If this book could offer me some insight on how to make my life better, then fantastic, if not, then it was just another way to keep my mind off the pain for a little while.

I soon discovered that the purpose of this book was to teach us how to be more grateful for everything that we have in our lives, and from there, we can attract more positivity to the life we are living.

So, I dutifully found a little notebook and followed the instructions that the book gave me every day, including writing down things that I was grateful for in my life.

To begin with, this was really difficult. It was such an awful time in my life with such a bleak outlook, and as I struggled with the constant pain, it was hard to find anything to be grateful for. But I did.

I was grateful for everyone who was looking after me and trying to help me to live through this time as best I could. I was grateful for my children, who always made me smile, no matter how bad I felt. I was grateful for my morning coffee and for the days I felt well enough to walk to my back door and sit outside in the sun to drink it.  I was grateful for the warmth of the sun and the bird song that entertained my while I sat there. I was grateful for the fresh air I breathed. I was grateful for so many things.

Before I knew it I was writing in my gratitude journal with so much ease. Even on my really bad days, I still found more and more to be grateful for.

On my bad days, I would still make sure I was up, showered and dressed and camped on the sofa with my books, tv remote, a collection of films and my knitting. Yes – I took knitting up as something productive to do. I actually knitted a few jumpers, shawls and cardigans. This not only engaged my mind but gave me a reason for each day. Each day I had a job to get on with. I had something to create.

On my good days, I would work on writing meditation scripts. At this point, my main career had been being a yoga and meditation teacher, so I planned to publish a meditation book. This period of illness gave me time to set to work creating this.

These writing days were blissful. I would play my meditation music, and float off into a dream world, then write it all down.

For those hours, I would start to forget my woes. When I was writing, I felt normal. I felt strong.

Soon I had daily routines set out.

I would always start with writing in my gratitude journal, and then depending on my health, I chose to either write my book or chill with my knitting watching films.

Even though I was so poorly and in so much pain, I began to feel stronger in myself. I began to have hope again. I was actually coping with it all.

Sure, there were still rough times, and I often felt scared for the future, but I felt more in control. I felt with my writing, and my knitting, I had given myself a reason for getting up each day. I was still a mum to my boys. Perhaps not the one I hoped to be, but I was still there and sharing in their life, and that was all that mattered.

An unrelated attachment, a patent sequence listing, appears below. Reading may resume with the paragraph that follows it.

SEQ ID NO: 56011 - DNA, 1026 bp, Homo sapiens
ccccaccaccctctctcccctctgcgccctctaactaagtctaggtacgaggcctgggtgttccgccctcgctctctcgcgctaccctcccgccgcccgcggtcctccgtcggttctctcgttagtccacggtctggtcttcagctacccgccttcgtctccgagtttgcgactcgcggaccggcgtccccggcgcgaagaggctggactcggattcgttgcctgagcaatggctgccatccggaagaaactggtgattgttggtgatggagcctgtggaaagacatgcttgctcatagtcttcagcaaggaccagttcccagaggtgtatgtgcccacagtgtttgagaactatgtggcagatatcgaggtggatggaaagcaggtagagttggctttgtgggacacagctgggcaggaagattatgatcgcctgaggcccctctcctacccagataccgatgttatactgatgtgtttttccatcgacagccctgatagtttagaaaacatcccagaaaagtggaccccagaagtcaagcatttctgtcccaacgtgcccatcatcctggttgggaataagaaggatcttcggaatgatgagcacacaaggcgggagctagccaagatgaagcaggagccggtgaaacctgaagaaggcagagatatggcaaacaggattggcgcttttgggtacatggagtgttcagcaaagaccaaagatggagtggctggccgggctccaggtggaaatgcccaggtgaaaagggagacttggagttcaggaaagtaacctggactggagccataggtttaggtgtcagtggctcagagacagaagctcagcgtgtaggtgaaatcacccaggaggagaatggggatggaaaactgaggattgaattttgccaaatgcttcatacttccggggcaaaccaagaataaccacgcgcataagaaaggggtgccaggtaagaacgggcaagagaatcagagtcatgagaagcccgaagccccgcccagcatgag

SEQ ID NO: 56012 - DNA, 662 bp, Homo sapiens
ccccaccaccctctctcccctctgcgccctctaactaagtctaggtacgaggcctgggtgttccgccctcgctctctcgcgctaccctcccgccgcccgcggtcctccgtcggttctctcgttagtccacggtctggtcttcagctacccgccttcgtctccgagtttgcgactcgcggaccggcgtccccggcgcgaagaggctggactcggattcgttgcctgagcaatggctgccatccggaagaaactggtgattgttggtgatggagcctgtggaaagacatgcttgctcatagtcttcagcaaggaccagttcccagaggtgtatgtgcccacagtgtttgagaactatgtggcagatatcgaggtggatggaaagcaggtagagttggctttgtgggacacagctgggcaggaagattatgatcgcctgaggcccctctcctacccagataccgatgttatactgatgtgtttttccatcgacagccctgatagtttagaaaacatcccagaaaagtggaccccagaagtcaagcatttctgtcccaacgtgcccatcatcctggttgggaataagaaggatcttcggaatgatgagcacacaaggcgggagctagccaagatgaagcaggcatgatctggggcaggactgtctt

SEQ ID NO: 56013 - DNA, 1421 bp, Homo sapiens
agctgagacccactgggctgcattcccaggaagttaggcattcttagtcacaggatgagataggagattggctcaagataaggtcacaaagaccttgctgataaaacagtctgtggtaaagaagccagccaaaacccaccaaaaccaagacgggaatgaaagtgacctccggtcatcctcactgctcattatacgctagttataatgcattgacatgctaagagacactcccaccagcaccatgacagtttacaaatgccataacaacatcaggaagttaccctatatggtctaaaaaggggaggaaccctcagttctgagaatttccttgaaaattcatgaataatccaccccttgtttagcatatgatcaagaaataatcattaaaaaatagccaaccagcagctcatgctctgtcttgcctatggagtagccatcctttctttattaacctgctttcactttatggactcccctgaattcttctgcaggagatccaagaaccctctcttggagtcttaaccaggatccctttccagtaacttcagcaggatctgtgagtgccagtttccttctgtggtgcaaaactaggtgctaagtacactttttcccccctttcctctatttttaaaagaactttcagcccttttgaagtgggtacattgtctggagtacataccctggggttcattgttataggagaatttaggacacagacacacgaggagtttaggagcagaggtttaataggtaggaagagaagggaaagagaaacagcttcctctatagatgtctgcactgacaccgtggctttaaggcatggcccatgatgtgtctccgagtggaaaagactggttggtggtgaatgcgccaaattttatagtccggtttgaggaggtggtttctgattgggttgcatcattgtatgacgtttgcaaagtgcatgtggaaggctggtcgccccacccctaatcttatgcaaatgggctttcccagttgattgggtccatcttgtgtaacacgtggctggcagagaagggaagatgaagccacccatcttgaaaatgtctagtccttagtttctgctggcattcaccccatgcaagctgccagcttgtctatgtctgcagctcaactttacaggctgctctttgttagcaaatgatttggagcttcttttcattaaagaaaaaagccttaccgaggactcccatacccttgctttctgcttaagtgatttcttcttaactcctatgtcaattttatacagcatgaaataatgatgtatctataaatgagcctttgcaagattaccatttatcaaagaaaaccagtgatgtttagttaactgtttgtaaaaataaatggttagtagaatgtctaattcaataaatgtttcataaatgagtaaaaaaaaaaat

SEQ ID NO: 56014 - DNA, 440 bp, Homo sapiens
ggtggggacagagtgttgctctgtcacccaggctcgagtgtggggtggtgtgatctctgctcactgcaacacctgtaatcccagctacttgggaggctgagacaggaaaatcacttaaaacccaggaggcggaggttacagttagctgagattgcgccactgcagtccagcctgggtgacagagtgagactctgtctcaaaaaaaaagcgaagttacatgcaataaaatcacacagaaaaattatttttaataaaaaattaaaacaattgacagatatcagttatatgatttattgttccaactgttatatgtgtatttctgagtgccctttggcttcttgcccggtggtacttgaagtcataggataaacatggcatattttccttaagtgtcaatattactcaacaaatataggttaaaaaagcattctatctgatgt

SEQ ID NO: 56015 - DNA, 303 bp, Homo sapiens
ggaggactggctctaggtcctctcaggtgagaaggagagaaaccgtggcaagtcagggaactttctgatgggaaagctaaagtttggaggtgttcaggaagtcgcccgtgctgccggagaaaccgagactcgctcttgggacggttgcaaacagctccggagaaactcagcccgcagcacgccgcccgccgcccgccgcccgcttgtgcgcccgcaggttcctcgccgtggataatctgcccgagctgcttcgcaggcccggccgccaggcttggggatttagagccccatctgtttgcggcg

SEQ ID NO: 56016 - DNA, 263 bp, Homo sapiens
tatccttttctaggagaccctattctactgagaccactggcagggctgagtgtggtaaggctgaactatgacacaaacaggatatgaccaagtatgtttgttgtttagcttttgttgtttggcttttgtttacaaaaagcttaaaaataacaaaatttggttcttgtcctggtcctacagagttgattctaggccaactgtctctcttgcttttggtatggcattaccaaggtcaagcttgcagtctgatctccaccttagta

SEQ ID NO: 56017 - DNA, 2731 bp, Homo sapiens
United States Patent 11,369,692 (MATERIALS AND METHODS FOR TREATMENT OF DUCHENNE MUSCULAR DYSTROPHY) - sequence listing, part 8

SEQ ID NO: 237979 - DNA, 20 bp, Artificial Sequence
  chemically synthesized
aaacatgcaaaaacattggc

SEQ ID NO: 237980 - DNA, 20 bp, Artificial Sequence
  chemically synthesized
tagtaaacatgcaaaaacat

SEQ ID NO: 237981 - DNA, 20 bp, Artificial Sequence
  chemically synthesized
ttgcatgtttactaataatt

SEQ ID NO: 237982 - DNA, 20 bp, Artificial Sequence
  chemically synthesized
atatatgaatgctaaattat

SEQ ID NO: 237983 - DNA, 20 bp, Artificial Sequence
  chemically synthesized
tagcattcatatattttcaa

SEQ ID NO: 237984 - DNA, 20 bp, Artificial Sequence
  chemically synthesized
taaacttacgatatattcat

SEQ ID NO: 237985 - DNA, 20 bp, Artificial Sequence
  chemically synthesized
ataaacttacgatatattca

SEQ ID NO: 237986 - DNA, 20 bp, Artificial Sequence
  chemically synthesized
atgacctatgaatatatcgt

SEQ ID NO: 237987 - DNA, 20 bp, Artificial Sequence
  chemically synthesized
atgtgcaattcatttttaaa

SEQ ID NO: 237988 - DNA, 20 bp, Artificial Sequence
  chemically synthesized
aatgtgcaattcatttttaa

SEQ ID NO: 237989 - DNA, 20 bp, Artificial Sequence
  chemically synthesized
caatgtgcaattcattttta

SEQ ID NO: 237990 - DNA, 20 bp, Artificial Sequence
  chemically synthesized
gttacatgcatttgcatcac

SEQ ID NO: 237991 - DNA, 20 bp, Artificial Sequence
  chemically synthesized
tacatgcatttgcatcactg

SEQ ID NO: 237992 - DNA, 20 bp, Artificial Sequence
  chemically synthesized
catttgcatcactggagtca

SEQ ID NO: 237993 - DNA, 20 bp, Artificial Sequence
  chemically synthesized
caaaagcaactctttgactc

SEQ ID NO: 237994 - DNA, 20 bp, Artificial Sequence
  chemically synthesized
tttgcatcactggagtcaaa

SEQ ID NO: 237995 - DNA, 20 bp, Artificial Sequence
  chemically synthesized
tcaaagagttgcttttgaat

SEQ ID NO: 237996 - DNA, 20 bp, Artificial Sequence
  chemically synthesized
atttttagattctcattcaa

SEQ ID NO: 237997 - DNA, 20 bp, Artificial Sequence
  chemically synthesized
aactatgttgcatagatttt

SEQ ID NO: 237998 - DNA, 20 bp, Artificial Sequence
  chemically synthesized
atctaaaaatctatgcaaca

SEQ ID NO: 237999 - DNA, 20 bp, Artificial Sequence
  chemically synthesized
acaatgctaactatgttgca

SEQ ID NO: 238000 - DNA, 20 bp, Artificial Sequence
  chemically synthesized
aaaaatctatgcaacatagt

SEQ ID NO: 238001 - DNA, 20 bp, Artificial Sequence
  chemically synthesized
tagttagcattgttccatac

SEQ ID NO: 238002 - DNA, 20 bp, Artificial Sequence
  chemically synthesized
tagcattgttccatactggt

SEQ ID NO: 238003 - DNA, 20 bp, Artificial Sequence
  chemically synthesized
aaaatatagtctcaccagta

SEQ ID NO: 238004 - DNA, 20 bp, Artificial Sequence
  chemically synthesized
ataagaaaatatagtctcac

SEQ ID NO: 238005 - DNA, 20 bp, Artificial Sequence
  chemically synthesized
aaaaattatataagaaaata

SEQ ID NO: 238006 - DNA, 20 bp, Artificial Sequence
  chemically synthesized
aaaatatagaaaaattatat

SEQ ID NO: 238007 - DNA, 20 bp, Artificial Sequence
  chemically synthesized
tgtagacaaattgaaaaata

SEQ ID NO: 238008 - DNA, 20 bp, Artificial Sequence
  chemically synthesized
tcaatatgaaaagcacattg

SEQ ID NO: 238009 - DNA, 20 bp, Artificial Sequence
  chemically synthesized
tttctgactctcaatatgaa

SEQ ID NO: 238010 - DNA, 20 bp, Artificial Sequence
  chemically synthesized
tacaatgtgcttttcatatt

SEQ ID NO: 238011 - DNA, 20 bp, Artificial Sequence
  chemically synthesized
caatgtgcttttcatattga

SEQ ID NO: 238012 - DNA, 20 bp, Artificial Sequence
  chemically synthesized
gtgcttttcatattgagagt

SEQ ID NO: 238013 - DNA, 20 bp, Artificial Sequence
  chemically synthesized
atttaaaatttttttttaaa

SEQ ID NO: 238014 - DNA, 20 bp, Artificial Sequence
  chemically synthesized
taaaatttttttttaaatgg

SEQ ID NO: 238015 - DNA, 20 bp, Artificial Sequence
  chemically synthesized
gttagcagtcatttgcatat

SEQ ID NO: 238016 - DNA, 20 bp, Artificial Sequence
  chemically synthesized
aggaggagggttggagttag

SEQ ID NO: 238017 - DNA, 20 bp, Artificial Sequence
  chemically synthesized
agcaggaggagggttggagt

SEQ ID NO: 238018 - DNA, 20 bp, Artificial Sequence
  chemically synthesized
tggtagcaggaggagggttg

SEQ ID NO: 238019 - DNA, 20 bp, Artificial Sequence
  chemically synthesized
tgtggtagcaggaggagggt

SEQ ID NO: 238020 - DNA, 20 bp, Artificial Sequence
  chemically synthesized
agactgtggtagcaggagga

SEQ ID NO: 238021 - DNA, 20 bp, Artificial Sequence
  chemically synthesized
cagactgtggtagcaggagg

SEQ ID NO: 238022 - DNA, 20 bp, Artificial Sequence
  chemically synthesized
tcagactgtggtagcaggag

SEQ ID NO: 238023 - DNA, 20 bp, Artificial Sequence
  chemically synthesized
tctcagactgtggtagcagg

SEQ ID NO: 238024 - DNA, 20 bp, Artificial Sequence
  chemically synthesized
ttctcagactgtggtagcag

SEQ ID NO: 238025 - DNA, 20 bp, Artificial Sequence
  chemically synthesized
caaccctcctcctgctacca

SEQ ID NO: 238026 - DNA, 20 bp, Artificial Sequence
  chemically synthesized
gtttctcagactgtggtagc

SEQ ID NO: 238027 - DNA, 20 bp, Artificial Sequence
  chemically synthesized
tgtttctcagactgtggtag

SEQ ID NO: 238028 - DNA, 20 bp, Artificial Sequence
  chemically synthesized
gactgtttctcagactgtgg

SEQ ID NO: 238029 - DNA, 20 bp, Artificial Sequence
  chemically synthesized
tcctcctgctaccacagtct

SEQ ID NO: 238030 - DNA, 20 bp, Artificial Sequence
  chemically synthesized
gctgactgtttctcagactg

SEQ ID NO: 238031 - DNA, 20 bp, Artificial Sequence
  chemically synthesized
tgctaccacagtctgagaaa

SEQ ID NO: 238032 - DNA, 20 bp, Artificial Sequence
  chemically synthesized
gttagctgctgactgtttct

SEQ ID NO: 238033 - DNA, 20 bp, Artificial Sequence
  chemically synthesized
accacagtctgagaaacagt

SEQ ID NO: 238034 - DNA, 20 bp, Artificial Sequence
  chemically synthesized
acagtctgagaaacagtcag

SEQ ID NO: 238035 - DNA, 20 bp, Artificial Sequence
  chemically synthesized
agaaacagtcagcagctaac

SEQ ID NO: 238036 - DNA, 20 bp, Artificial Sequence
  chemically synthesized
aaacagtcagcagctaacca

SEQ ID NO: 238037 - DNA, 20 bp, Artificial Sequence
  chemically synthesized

With each day, my list of things I was grateful for increased.

Life didn’t seem so dark anymore. I felt connected to the world around me, and probably for the first time in my life, I felt at ease with who I was and what life was all about.

I just had this deep sense of harmony and peace.

Soon, it was time to face my 4th operation in 4 months. This was to be a big one, but certainly not the last. It was likely that I would have to have a colostomy bag fitted as a result. It would be life-changing, but if it helped my condition, then this would be something I would just need to learn to live with and make those changes to my life.

I went to bed that night feeling that whatever faced me in the morning, I would be grateful for. I knew that the surgeon was working so hard to give me the best possible outcome, and I had every faith in him. I was grateful for everything he was doing for me, as I knew it wasn’t an easy task, and yet, he kept focused on ways that he could help me have the best possible outcome each time.

During my sleep, I had a wonderful dream, and not the nightmare I expected to have.

I dreamt that the surgeon visited me after the operation and told me that I was healed, and that I would not need any more operations.

I told my husband the next morning, and he just reminded me, that although it was a nice dream, it was a dream, and that I shouldn’t pin any hopes on it.

He was right. I knew he was. I was dreaming about the impossible. But it did feel good!

I was very positive as I was prepared for the operation. I had been through this so many times before, so I knew what to expect.

My operation was delayed, and I sat calmly in the waiting room, reading and watching everyone go past filled with fear and nerves. I didn’t feel like this at all. I was comfortable enough and happy to have time to read my book.